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Commentary

Content posted in September 2006
Quick, Encrypt Everything!
Commentary  |  9/22/2006  | 
On the surface, it seems like a good idea. Convert all your corporate information into a form unreadable by anyone except the intended recipient. Very straightforward and not terribly difficult to do. But there's a dark side to encryption. Just like anesthesiologists like to joke that putting you under is free, it's waking you up that costs so much money, decrypting your data is the part of the process where things get hairy. In this era of epidemically stolen and lost laptops and mobile devices
Spinach Woes Portend Repercussions Of Cyberattack
Commentary  |  9/19/2006  | 
Wonder what the aftereffect of a terrorist attack on the Internet would look like? The way we're responding to contaminated spinach provides a clue.
Data Protection: It Doesn't Get Any Better Than This
Commentary  |  9/13/2006  | 
Corporate America's efforts at data protection--in particular, protecting sensitive personal information about customers--have in many cases failed miserably. There's a long and dubious list of data breaches, losses, thefts, and mishandlings from the past 20 months, with the total number of records containing sensitive personal information involved in security breaches now topping 93 million. Time and again, we've taken to task
HP Must Rebuild The Damage To Its Image
Commentary  |  9/11/2006  | 
Like most everyone, I've been thinking about the victims of Sept. 11, 2001, in the past few days. I'm also remembering former Hewlett-Packard Chairman Lew Platt, who died on Sept. 8 of last year, as his former company faces a criminal investigation into tactics used to hunt down the source of media leaks.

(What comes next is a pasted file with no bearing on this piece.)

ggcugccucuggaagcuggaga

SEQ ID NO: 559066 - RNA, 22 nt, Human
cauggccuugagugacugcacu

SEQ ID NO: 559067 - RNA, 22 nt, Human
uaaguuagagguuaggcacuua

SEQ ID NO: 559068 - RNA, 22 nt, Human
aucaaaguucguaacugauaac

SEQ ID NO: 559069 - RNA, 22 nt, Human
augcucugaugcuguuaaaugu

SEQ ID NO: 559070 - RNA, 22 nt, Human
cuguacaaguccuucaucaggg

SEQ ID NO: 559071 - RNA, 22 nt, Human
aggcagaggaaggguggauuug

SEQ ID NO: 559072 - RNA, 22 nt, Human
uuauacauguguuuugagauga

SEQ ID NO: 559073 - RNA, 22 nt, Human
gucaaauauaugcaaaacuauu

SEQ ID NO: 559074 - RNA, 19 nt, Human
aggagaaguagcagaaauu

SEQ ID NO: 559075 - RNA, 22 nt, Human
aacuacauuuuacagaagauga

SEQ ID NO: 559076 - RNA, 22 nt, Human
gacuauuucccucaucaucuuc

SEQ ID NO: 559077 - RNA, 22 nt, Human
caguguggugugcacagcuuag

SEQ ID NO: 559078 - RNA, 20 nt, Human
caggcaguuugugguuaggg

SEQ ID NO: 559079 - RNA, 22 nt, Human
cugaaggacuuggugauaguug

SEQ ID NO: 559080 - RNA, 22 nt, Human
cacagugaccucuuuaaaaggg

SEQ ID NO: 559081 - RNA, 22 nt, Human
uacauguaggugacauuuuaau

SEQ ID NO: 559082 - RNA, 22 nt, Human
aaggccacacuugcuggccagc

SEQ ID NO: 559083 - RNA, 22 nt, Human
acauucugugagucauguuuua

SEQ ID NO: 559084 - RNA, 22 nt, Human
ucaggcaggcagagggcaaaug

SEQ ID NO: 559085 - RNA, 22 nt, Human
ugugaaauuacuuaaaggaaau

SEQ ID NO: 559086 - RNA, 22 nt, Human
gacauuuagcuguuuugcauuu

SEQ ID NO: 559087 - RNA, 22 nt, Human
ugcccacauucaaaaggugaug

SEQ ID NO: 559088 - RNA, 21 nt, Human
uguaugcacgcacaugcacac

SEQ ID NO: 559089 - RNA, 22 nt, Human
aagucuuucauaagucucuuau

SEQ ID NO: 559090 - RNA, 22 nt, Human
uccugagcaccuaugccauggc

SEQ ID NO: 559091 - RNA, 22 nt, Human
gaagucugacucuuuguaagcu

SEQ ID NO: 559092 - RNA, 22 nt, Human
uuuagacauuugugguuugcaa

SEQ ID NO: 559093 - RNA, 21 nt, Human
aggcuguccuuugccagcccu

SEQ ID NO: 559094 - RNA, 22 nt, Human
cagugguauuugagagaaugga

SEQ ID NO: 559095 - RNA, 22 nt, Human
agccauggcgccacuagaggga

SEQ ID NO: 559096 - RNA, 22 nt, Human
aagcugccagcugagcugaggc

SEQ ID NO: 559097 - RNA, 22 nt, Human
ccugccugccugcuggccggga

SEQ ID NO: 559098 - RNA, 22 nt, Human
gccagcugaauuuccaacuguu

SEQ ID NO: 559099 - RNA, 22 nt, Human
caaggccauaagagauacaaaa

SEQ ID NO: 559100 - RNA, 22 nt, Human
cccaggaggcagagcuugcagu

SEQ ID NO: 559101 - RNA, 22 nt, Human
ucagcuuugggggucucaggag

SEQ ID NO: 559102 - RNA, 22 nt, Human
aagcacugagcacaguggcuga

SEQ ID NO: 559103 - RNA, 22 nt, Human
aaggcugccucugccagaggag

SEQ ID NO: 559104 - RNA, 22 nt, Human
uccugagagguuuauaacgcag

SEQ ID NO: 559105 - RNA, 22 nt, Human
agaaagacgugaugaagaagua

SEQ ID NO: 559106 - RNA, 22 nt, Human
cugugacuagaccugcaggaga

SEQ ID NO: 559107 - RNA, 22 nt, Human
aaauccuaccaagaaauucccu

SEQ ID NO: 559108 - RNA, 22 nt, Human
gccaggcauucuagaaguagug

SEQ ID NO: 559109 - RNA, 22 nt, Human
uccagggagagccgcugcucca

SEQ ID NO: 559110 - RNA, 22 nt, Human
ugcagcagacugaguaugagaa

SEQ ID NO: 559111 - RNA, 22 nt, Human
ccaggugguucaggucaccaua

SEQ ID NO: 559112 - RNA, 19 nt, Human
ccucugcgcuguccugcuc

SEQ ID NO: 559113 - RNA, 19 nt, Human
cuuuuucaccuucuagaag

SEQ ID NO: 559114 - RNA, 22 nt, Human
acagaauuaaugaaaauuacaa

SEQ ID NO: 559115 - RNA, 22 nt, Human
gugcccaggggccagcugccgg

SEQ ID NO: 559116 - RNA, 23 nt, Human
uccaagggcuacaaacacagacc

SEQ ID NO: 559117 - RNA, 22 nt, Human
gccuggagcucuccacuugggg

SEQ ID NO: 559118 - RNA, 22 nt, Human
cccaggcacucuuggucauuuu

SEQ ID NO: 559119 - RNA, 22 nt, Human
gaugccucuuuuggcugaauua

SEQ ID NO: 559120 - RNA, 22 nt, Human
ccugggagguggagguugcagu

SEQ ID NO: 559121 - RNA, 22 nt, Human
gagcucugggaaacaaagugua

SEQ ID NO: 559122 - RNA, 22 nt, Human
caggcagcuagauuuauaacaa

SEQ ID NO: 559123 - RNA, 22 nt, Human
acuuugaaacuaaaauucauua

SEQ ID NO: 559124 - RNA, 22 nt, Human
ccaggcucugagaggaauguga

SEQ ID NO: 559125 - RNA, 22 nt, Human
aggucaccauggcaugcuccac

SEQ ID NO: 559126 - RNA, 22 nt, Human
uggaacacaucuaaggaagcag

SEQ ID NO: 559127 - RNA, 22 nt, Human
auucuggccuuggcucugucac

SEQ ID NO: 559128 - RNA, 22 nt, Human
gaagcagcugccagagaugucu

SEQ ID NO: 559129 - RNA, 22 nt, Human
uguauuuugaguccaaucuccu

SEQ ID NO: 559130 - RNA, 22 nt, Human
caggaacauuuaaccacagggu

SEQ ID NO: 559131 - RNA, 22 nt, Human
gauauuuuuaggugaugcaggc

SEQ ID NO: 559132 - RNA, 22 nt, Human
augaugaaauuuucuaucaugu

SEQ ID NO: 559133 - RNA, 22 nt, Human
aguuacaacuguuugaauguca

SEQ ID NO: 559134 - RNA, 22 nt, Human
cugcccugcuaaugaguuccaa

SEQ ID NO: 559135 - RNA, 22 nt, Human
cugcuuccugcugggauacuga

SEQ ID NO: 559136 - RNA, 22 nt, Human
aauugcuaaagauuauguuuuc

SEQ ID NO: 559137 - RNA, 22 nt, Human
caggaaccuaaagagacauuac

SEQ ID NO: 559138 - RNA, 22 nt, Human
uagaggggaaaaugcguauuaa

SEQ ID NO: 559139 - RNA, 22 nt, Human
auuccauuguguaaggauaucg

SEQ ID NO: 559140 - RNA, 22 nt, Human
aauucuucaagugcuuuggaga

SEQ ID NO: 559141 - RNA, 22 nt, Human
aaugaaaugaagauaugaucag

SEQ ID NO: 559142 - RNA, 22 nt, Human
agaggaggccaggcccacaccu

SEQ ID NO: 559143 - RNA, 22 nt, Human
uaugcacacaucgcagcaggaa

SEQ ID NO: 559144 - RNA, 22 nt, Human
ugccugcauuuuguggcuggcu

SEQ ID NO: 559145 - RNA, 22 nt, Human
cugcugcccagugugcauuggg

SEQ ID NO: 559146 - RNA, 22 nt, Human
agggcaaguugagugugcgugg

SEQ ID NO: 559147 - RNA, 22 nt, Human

Post 9/11: Five Years Of IT Promise And Failure
Commentary  |  9/8/2006  | 
Sept. 11, 2001, spurred IT innovation and integration like no other event in history. Driven by fear, defiance, and inspiration, industry and government quickly promised to correct the conditions--including siloed data repositories, incompatible communications systems, and lax security practices--that allowed the terrorist attacks to be executed with such deadly precision. How far have we come in five years? Let's put it this way: We've got a long way to go.
Airing Dirty Security Laundry
Commentary  |  9/5/2006  | 
We all need to be smart, stay informed, and understand our systems well enough to figure out what needs fixing first, or risk being out of business. No vendor, well-intentioned or not, can make these decisions for us; we need to take this responsibility for ourselves.


Edge-DRsplash-10-edge-articles
I Smell a RAT! New Cybersecurity Threats for the Crypto Industry
David Trepp, Partner, IT Assurance with accounting and advisory firm BPM LLP,  7/9/2021
News
Attacks on Kaseya Servers Led to Ransomware in Less Than 2 Hours
Robert Lemos, Contributing Writer,  7/7/2021
Commentary
It's in the Game (but It Shouldn't Be)
Tal Memran, Cybersecurity Expert, CYE,  7/9/2021
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CVE-2022-1809
PUBLISHED: 2022-05-21
Access of Uninitialized Pointer in GitHub repository radareorg/radare2 prior to 5.7.0.
CVE-2022-31267
PUBLISHED: 2022-05-21
Gitblit 1.9.2 allows privilege escalation via the Config User Service: a control character can be placed in a profile data field, such as an emailAddress%3Atext '[email protected]\n\trole = "#admin"' value.
CVE-2022-31268
PUBLISHED: 2022-05-21
A Path Traversal vulnerability in Gitblit 1.9.3 can lead to reading website files via /resources//../ (e.g., followed by a WEB-INF or META-INF pathname).
CVE-2022-31264
PUBLISHED: 2022-05-21
Solana solana_rbpf before 0.2.29 has an addition integer overflow via invalid ELF program headers. elf.rs has a panic via a malformed eBPF program.
CVE-2022-31259
PUBLISHED: 2022-05-21
The route lookup process in beego through 1.12.4 and 2.x through 2.0.2 allows attackers to bypass access control. When a /p1/p2/:name route is configured, attackers can access it by appending .xml in various places (e.g., p1.xml instead of p1).